The Calgary Police Service spent nearly double its overtime and call-out budget in 2023, according to an internal email sent to senior leadership.
The email, sent in mid-January, shows the service budgeted $11.4 million in 2023 for extra-hours pay but ended up spending $22.1 million.
Of that total, $15.5 was spent on call-outs and $5.55 was spent on overtime.
Call-outs involve bringing in an officer to cover a shift to support minimum staffing levels or other policing needs.
Budget overrun 'was a necessity'
The email calls the overspend "unfavourable" and asks leadership to "continue efforts to manage" the overtime and call-out budgets.
In a statement, CPS attributes the overspend to three main factors: the large number of protests in 2023, additional patrols required to address transit safety and increased officer presence at places of religious worship, schools and other sensitive locations due to the Israel-Hamas war.
"It was a year of continually having to augment staffing due to circumstances that were entirely unforeseen and therefore impossible to factor into our budget," said CPS in its statement.
"This level of overtime and call-out was a necessity."
"[The protests] became increasingly more complex to police through the year," said CPS. "They became larger, more frequent, and have generally attracted counter-protests, which increases the risk of violence and disorder."
Calgary police conducted an operation last fall involving outreach workers and officers working together at CTrain stations. (Calgary Police Service)
Coun. Courtney Walcott, who represents Ward 8, called 2023 a "one-off year" when it came to protests.
"To be honest, I'm not concerned," Walcott said of CPS's spend on overtime and call-outs. "2023 was a one-off year because of some of the major events that were primarily policed through overtime."
Increasing crime and disorder on and around public transit in 2023 also kept CPS officers busy.
In a year-end interview, Chief Mark Neufeld said about 3,300 criminal charges were laid and 5.400 warrants executed in and around transit.
A new transit safety strategy has Calgary police officers co-ordinating with transit peace officers, security guards and community outreach teams.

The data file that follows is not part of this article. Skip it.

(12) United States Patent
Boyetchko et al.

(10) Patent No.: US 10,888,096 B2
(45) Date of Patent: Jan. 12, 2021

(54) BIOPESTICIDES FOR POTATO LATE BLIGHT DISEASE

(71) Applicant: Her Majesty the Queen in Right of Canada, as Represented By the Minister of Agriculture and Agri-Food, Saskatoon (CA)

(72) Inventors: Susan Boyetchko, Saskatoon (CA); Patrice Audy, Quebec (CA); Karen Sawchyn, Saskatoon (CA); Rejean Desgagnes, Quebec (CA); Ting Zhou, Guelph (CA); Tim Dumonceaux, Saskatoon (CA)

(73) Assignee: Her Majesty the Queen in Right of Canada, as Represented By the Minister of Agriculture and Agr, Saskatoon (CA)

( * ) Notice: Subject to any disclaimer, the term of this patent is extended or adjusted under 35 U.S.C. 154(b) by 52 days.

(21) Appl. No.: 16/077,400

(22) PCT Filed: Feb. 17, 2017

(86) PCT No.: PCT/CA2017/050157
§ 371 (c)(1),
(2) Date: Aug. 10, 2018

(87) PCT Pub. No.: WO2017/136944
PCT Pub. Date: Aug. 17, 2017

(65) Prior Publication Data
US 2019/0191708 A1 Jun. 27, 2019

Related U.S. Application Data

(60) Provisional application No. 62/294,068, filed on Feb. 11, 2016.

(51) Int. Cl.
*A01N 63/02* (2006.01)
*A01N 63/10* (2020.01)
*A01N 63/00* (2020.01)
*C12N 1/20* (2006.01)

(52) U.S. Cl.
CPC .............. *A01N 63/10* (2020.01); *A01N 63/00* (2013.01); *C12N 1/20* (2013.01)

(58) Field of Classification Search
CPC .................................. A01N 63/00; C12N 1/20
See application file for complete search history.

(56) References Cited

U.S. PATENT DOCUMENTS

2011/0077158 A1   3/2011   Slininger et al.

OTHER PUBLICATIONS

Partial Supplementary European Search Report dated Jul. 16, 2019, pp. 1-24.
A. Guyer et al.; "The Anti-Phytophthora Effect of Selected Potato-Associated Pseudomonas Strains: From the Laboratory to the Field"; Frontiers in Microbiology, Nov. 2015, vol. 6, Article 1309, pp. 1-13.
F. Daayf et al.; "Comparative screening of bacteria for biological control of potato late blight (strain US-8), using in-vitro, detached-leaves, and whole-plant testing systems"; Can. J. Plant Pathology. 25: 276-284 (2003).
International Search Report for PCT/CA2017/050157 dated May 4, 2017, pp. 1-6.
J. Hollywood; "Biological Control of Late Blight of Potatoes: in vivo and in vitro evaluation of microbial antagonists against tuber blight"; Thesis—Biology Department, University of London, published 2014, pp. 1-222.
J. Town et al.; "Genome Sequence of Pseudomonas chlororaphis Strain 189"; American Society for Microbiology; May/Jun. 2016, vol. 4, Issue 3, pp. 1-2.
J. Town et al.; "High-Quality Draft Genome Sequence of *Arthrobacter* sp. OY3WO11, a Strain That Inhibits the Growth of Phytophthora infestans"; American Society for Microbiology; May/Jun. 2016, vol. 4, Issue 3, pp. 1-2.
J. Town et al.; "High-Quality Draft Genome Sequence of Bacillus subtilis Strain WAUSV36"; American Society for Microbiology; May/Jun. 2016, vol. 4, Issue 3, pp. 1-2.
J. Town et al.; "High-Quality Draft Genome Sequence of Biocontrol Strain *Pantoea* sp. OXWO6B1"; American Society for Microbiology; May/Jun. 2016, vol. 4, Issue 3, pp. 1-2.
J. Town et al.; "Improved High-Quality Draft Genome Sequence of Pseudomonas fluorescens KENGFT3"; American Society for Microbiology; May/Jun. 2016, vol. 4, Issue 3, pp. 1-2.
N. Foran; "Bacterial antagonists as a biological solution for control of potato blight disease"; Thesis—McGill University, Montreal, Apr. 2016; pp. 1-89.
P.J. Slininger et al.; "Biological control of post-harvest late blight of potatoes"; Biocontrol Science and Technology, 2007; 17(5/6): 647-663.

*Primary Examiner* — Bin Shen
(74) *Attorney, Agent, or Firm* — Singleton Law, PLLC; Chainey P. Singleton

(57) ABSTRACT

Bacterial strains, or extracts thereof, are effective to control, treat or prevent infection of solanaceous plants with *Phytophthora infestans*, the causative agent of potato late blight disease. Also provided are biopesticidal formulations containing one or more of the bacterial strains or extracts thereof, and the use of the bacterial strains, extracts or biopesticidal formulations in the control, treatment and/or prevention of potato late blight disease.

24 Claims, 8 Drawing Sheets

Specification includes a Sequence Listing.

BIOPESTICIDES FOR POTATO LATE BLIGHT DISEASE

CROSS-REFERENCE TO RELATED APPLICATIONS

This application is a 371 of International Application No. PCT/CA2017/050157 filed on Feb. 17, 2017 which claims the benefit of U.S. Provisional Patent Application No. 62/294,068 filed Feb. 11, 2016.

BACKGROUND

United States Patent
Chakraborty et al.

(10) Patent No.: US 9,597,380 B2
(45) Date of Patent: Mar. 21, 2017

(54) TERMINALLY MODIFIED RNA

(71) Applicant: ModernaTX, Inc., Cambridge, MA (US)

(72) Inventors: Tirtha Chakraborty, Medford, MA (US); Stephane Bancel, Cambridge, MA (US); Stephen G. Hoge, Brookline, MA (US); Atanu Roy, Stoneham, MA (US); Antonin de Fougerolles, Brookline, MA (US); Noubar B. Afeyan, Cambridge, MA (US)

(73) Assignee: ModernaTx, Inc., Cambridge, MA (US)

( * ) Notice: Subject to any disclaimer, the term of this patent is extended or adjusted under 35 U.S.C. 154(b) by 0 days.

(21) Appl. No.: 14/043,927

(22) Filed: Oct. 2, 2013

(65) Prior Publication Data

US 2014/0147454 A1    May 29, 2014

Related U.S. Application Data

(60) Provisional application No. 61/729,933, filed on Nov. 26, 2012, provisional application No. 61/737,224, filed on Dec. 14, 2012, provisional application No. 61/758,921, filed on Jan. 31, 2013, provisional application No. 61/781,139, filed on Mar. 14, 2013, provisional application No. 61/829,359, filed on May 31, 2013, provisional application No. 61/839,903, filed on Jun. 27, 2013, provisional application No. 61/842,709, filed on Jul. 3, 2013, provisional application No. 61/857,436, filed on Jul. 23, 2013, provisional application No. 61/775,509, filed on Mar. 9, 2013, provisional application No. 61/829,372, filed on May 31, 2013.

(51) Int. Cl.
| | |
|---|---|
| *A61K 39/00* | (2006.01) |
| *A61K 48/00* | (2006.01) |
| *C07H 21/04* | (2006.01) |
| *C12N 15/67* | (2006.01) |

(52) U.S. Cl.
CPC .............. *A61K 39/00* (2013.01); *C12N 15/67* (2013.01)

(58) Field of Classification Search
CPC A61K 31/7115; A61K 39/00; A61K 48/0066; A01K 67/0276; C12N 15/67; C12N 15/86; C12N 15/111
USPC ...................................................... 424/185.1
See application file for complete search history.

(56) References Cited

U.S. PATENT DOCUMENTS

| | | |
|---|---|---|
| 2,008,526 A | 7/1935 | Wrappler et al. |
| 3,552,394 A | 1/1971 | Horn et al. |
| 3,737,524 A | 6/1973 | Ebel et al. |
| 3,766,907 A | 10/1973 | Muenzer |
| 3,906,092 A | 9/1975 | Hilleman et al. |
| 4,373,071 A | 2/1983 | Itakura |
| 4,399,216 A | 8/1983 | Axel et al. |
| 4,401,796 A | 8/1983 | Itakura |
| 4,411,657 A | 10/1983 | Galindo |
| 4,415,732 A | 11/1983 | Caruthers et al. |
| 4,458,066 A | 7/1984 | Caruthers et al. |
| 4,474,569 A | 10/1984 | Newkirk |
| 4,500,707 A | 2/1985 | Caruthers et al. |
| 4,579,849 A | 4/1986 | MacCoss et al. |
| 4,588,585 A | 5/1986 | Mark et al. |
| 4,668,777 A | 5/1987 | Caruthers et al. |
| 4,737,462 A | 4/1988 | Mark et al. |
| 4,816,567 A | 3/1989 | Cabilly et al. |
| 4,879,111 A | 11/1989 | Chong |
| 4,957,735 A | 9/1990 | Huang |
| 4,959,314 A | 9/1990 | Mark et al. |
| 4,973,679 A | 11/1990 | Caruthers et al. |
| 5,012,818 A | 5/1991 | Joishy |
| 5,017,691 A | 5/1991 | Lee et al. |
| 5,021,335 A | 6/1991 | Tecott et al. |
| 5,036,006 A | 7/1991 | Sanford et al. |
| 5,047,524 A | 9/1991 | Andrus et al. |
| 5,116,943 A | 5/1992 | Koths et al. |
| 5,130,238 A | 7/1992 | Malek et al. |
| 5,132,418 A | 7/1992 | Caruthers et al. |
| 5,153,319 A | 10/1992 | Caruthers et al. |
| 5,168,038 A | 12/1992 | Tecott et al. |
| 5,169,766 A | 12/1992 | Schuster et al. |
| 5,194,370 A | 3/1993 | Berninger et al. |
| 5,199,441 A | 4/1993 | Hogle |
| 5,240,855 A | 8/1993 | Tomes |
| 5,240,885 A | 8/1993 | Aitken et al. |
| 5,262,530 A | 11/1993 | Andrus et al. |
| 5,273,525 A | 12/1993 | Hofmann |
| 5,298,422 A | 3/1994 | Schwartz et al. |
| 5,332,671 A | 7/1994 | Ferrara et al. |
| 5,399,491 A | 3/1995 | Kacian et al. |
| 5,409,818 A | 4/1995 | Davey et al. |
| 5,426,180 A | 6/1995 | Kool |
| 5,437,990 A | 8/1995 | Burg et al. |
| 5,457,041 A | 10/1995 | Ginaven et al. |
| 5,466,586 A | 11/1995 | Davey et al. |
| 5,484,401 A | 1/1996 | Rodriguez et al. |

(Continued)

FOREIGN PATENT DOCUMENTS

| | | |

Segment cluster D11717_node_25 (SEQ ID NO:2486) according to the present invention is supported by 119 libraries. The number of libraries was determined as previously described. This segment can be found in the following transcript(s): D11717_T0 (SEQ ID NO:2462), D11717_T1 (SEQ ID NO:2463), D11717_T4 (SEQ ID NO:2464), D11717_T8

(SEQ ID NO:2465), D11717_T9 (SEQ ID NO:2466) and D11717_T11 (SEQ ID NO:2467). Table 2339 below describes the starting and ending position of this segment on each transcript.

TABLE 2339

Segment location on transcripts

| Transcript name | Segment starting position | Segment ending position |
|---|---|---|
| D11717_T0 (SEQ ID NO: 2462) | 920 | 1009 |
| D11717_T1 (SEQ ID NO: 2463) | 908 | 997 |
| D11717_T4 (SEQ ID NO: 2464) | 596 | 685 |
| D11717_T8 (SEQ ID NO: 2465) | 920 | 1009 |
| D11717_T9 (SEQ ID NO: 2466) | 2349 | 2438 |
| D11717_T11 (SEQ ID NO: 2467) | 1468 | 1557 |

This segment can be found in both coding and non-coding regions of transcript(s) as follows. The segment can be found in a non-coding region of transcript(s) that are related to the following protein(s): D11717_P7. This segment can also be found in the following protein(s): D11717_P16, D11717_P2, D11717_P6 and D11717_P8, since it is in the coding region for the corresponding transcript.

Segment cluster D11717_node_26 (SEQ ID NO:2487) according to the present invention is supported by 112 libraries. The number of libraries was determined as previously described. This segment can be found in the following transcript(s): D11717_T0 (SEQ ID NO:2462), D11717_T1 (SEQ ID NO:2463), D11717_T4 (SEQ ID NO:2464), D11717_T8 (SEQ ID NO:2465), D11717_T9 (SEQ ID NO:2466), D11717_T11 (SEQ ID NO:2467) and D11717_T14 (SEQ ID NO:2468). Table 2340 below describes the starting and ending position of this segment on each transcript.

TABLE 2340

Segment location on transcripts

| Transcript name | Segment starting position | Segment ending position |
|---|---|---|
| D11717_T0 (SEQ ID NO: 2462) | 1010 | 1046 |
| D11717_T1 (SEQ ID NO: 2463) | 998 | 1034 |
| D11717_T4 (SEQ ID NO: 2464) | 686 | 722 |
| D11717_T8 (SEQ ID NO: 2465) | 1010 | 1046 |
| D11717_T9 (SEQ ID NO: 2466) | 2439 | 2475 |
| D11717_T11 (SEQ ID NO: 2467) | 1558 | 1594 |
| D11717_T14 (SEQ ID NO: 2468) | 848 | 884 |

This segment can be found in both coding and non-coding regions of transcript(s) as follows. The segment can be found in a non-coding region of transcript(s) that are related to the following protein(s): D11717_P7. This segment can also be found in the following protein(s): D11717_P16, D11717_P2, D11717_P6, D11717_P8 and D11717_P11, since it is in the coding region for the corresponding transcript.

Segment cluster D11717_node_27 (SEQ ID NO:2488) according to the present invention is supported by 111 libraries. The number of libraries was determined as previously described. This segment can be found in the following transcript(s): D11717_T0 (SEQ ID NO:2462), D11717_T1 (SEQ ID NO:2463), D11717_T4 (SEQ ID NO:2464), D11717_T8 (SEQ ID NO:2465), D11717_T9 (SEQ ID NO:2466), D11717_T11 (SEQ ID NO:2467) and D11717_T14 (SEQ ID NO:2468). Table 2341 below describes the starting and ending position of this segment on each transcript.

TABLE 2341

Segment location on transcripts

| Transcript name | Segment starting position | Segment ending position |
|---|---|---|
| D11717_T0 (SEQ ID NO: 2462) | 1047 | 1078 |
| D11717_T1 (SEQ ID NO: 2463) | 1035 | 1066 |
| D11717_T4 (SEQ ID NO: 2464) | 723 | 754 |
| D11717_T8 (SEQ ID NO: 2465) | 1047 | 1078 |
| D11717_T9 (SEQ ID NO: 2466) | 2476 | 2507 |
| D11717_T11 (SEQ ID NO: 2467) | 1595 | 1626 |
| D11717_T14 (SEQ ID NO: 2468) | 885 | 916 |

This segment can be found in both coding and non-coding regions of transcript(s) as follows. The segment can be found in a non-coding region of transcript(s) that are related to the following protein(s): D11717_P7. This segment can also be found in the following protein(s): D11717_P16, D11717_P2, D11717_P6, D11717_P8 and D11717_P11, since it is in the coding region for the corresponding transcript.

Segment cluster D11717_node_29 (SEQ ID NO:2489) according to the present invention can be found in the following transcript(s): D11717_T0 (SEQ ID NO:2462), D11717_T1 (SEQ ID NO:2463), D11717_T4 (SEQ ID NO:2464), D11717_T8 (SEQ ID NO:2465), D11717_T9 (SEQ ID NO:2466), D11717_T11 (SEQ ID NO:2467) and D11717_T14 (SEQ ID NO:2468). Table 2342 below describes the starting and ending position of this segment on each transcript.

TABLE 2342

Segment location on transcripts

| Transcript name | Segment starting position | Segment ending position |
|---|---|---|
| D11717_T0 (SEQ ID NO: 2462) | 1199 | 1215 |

OT rate 'isn't sustainable'
The Calgary Police Commission, which governs the police force and provides civilian oversight, blamed the pandemic for "significantly" cutting the number of recruits and for taking a toll on employees and their families resulting in an increased turnover rate.
"These factors, coupled with a higher number of officers being on leave, created staffing shortages and increased workloads across the organization that must be managed by offering employees overtime work," wrote the commission in a statement.
Officers police outside of a drag brunch in January 2023. Protesters and counter protesters gathered outside the Rec Room in northeast Calgary. (Tom Ross/CBC)
While the commission says the overrun costs were offset by savings in other areas of the police budget, it acknowledged that too much overtime is "detrimental to employee wellness and isn't sustainable."
The commission says the service is addressing staffing shortages by expanding training facilities. Council and the commission also approved 154 new positions in the 2023-26 budget.
On top of that, in December, the province announced CPS would receive $8 million in funding to hire 50 new officers.
It's unknown if the volume of protests and rallies will remain high throughout 2024, but Ward 7 Coun. Terry Wong says increasing the police budget in the area of overtime and call-out would fall to the Calgary Police Commission.
"It's incumbent on police commission to do that evaluation," said Wong.
CPS's total operating budget for 2023 was $563 million.